N-butyrate is also present in healthy fats including ghee and coconut oil so include those in your diet. (12)
Drink clean filtered water. There are many filter options. They include purifying pitchers, countertop filters, under sink filters, and whole house filters. In addition to convenience, cost, and price, arguably the most important factor is the removal of contaminants.
Select a filter that removes or reduces lead, radium, arsenic, radioactive substances including radium, uranium, thorium, and radon, copper, chlorine, perfluorooctanoic acid, the main ingredient in non-stick pans, perchlorate, a component of rocket fuel and fireworks, nitrate, and mercury.
A great option is the Big Berkey Countertop Water Filter System.
Digestive enzymes are proteins in the digestive system that help with the breakdown and absorption of nutrients.
Your body makes them out of the amino acids that you eat; however, with a modern lifestyle and age, your body makes less of these enzymes.
Each macronutrient has its own enzyme.
Protease breaks down protein into amino acids. Lipase breaks down fat into fatty acids, and amylase breaks down carbohydrates into glucose.
Increasing digestive enzymes can help break down large proteins and bacterial products that can damage the lining of the gut. (12)
Foods with digestive enzymes include pineapple, papaya, mango, banana, honey, avocado, kimchi, sauerkraut, miso, kiwi, and ginger. In addition to food sources, you can also supplement with digestive enzymes.
In a healthy body, you need to have a large and diverse population of friendly bacteria throughout your digestive tract.
You can eat foods containing probiotics.
These include fermented vegetables, kombucha, pickles, tempeh, and miso.
You can also take a probiotic supplement.
If you have issues with leaky gut, I recommend a probiotic like 1MD Platinum Probiotic (found in this review here) or you can try a more complete supplement that includes both probiotics, prebiotics (probiotic food), and additional leaky gut improving ingredients like the amino acid l-glutamine which feeds your gut cells.
Another common issue people have with leaky gut issues are candida overgrowth. If you are looking for a probiotic to help with this, check out our review on the best probiotics for candida overgrowth here. https://www.myphenomfitness.com/best-candida-cleanse-to-get-rid-of-symptoms-science-backed-guide/
It doesn’t need to stop there.
You can take a high-quality collagen supplement. There are several options when it comes to collagen supplementation including collagen peptides, marine collagen, bovine collagen, and bone broth powder.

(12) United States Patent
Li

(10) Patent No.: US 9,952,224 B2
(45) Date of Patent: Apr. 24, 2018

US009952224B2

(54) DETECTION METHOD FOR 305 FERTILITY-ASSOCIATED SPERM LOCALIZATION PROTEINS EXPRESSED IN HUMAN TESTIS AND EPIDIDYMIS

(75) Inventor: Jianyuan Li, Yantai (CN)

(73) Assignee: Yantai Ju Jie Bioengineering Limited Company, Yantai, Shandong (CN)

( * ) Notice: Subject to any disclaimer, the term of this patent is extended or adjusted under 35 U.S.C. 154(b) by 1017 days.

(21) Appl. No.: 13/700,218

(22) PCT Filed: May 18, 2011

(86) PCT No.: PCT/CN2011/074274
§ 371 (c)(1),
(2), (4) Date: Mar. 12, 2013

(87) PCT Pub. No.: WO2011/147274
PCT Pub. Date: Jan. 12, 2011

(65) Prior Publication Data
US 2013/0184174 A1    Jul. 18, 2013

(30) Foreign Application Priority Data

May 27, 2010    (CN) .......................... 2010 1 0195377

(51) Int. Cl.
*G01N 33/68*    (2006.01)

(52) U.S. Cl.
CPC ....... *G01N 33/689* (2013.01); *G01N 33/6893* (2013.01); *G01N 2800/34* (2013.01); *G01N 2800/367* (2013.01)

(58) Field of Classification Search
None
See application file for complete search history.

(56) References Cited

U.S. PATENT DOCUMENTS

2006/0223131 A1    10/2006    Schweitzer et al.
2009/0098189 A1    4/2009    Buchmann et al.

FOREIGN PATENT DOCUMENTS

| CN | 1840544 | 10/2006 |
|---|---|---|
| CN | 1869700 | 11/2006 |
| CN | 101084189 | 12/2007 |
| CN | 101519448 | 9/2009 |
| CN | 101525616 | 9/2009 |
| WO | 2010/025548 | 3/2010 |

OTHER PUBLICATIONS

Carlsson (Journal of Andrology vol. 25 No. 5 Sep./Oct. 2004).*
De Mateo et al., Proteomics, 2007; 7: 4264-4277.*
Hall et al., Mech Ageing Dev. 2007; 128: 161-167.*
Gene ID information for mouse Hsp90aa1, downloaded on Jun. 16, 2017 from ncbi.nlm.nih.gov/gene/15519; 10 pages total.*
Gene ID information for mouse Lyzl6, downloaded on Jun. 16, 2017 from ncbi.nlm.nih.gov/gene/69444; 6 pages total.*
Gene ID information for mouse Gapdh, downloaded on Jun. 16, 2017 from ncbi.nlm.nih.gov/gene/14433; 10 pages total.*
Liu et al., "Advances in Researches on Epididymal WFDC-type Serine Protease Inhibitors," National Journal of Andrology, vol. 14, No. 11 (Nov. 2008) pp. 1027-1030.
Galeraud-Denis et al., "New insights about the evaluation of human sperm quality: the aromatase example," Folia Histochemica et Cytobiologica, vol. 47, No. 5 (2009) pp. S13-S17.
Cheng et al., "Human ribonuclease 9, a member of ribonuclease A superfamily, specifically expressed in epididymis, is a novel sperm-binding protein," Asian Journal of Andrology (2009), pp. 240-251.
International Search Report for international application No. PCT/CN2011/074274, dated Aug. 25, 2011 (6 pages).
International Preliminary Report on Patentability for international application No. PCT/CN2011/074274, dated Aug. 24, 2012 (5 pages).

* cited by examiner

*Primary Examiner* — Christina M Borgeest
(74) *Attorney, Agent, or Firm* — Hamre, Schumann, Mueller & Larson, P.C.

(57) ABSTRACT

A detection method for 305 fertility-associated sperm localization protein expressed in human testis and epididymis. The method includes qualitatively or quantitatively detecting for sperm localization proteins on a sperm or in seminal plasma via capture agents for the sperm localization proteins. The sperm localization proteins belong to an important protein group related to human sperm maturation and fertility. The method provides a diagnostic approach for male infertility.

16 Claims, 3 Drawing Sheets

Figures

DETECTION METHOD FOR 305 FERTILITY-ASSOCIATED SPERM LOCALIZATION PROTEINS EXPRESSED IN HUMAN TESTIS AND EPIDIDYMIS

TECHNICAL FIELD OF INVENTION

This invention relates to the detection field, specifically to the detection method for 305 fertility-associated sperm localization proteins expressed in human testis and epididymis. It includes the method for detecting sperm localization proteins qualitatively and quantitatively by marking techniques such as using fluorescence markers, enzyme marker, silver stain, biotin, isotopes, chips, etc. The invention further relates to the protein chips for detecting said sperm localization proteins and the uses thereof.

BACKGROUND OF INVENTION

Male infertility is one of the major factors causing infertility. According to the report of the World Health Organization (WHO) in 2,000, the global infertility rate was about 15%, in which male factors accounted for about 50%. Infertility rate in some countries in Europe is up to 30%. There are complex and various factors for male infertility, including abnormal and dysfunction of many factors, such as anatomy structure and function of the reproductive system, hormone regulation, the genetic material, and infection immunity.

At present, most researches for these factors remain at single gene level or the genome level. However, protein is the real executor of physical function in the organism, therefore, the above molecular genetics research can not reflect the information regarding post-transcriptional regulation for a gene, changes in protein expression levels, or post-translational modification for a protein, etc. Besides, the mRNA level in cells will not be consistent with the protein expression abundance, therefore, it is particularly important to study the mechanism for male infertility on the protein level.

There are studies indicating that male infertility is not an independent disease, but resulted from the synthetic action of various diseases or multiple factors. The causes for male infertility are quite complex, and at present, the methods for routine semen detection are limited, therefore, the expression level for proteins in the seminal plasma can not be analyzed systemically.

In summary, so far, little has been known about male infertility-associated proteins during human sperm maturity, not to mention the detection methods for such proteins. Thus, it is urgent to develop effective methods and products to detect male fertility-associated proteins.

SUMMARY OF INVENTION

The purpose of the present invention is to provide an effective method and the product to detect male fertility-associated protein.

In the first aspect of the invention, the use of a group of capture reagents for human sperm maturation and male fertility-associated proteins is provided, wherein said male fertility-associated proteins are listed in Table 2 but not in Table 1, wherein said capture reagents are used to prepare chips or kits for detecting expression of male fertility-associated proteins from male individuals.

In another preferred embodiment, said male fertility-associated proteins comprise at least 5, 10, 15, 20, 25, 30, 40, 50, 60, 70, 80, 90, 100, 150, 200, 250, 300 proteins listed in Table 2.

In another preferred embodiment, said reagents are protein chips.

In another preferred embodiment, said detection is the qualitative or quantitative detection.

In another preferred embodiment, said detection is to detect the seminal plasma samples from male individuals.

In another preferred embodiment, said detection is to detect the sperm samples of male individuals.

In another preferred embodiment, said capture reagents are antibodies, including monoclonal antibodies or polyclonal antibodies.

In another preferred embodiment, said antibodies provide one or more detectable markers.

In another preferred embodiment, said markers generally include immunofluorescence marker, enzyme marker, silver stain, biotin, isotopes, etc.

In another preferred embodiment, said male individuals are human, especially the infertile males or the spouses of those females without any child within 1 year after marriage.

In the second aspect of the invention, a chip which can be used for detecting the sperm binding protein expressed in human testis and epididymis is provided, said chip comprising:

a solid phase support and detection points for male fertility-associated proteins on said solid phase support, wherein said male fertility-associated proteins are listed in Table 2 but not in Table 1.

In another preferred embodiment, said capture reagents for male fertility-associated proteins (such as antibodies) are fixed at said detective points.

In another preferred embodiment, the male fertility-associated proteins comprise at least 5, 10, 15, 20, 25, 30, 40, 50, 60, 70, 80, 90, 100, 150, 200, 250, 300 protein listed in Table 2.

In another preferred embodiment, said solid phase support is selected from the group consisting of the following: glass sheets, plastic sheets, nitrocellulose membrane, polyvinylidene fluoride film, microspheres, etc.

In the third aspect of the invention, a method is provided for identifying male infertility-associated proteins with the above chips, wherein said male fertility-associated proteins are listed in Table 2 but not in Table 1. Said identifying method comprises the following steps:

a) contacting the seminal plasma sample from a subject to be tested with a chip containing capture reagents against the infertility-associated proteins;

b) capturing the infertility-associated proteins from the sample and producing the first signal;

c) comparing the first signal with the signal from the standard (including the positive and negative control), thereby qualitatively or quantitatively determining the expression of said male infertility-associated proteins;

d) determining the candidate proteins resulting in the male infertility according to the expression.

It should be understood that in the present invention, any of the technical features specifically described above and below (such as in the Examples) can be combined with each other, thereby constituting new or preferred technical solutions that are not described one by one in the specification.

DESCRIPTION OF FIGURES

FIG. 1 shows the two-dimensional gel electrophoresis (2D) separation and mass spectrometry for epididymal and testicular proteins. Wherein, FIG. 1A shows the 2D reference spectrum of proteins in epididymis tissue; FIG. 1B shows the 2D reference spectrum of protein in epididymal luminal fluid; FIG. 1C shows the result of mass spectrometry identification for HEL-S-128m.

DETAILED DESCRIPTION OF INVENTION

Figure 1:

All have proven positive effects on the reduction of the spaces between the cells in the digestive lining. (9)
To learn more about collagen, check out this collagen guide.
Recent research indicates that marine collagen which is derived from fish is one of the most bioavailable and efficient collagen supplements. Click here to learn more.
Stress management is also essential. Stress hormones wreak havoc on health and impair digestive function.
Activities like meditation and yoga can help heal these junctions by reducing stress neurotransmitters and hormones and increasing the happy hormones dopamine and oxytocin. (12)
Take it a step further.
Mindful eating is imperative. Eating in a calm, pleasant place and having gratitude for your food improves digestion.
Don’t forget adequate sleep. You need at least 7 hours of sleep per night to rest, restore, and repair your body. (12)
Finally, move your body! It has been proven that cardiovascular exercise helps with the transportation of oxygen throughout your body and digestive system.
This supports the bacteria in your digestive system especially the n-butyrate generating beneficial bacteria. 150 minutes of heart rate increasing exercise is recommended. (12)
There you have it! In this article, we went over what leaky gut is, how to know if you have it, and steps to take in order to heal your leaky gut.
Ideally, any individual who is able to follow the advice outlined above should be able to heal their leaky gut in 2 weeks.
There is obviously a plethora of information in this article, but building knowledge on the subject doesn’t have to stop here. If you’re looking to learn more, check out my piece on Leaky Gut Diet Plan.
I’ve helped countless clients heal their leaky gut, thus transforming their lives. I’ve seen that this experience of empowerment propels my clients to delve deeper into the topic and take on lifelong learning. Your gut health will be something that you take with you for the rest of your life. The fact that it is so intrinsically rooted in everything we do in life means that the rewards for taking care of it are bountiful.
Wishing you the best of luck on your gut health journey!